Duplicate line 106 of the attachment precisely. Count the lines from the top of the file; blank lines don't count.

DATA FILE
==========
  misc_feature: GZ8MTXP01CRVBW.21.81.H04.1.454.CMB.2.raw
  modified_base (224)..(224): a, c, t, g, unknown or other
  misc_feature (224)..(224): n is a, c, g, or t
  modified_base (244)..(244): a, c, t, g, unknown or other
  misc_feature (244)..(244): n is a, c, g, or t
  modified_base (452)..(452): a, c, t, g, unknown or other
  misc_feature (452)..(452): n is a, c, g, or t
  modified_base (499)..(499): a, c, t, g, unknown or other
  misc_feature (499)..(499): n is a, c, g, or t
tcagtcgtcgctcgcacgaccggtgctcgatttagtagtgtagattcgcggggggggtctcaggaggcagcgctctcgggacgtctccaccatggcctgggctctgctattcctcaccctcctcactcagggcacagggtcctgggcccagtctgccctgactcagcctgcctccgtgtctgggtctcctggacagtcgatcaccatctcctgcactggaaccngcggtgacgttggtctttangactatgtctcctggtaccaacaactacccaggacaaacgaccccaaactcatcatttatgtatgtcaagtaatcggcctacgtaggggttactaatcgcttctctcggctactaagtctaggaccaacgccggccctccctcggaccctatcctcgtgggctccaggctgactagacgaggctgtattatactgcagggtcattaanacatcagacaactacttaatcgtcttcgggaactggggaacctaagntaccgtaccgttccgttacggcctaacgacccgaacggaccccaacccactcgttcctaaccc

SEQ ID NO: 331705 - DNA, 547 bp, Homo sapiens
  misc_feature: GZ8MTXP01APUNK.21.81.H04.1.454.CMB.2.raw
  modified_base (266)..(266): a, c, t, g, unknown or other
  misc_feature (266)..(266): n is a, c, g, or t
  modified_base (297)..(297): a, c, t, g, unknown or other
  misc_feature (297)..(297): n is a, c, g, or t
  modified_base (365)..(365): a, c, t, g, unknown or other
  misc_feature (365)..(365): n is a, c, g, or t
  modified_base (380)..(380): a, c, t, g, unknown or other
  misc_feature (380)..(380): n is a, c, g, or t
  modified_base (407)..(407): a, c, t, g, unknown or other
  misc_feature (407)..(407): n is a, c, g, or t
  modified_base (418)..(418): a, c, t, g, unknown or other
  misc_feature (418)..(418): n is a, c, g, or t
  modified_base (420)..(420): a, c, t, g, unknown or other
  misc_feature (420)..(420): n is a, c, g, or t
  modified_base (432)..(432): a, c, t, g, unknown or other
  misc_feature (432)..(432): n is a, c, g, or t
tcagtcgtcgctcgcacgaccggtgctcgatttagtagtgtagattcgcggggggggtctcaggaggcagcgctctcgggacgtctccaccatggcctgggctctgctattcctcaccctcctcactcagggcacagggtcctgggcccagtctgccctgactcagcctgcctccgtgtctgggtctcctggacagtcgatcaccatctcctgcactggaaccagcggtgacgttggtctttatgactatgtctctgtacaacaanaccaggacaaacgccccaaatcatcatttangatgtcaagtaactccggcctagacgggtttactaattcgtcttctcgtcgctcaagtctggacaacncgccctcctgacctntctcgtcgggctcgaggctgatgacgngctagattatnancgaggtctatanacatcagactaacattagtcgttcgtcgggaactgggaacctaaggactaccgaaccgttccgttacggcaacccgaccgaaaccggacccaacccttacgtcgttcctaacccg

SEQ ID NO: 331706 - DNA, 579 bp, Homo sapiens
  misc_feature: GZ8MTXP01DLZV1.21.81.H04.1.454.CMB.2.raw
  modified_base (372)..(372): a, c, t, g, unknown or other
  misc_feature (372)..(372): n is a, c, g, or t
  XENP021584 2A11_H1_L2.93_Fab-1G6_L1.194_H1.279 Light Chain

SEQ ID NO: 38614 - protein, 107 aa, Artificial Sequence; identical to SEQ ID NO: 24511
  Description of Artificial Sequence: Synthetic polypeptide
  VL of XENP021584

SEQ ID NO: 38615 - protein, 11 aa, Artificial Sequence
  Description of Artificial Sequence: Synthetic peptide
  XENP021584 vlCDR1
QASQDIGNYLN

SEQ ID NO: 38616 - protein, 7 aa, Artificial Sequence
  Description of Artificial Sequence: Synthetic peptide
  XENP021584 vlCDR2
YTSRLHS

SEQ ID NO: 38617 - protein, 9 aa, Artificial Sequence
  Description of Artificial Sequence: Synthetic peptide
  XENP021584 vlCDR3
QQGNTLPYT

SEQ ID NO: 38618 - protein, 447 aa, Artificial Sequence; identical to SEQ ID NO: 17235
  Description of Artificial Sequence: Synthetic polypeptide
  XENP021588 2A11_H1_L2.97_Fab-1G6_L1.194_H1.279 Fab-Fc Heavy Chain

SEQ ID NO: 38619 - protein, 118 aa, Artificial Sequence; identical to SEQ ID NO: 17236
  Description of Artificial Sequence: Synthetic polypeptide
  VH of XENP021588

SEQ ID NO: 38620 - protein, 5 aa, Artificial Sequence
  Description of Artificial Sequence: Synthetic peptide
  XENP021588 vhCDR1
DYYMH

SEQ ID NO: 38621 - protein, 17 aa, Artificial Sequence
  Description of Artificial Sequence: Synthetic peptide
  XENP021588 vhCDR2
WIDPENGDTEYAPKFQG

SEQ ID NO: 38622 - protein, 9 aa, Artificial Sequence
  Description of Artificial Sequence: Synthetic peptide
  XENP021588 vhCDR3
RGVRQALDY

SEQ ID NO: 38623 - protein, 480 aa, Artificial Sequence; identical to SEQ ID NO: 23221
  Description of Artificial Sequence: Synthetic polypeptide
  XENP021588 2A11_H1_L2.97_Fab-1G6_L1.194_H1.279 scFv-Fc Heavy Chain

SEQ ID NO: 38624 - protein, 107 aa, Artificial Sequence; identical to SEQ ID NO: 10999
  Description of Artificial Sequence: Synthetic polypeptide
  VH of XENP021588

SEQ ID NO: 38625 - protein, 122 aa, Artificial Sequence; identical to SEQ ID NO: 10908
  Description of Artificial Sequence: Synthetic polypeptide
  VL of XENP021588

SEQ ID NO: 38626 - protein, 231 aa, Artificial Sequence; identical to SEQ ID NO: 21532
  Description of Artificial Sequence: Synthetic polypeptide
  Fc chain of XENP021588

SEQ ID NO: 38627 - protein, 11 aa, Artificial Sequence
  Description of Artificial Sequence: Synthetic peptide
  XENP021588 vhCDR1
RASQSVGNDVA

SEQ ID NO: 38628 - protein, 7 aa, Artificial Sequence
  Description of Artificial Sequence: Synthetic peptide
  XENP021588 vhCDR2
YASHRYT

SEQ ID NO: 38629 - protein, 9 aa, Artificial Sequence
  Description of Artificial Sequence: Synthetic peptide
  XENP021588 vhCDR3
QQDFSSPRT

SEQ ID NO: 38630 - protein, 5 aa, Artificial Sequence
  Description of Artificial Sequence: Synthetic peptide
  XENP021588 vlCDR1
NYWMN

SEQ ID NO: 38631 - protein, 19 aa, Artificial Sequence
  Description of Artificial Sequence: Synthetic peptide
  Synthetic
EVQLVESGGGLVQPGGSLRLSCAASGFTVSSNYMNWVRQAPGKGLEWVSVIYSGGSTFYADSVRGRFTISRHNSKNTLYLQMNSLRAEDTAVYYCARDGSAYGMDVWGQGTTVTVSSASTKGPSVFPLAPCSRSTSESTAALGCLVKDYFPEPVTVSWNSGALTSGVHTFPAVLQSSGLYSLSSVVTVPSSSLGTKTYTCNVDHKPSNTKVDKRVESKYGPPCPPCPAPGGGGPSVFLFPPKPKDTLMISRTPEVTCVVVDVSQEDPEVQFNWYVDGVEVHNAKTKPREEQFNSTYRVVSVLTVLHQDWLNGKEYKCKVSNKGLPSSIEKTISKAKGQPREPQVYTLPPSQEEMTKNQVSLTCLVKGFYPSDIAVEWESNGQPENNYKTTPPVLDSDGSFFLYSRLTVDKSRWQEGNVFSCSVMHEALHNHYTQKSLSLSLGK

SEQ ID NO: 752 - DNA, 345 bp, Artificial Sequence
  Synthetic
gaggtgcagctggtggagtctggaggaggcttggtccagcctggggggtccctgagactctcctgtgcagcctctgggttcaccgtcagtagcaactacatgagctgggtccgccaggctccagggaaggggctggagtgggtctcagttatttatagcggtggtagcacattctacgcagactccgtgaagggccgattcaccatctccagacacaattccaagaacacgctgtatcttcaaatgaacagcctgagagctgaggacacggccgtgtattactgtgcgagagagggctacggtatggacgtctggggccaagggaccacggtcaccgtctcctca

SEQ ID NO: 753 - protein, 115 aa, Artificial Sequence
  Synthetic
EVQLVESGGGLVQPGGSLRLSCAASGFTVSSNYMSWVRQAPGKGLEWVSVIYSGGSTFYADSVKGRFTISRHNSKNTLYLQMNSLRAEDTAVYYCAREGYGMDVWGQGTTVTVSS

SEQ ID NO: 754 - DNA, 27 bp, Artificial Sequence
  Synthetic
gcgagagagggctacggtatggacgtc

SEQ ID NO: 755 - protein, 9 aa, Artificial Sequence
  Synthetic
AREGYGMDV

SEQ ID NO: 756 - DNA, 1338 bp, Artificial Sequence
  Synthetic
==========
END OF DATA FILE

SEQ ID NO: 754 - DNA, 27 bp, Artificial Sequence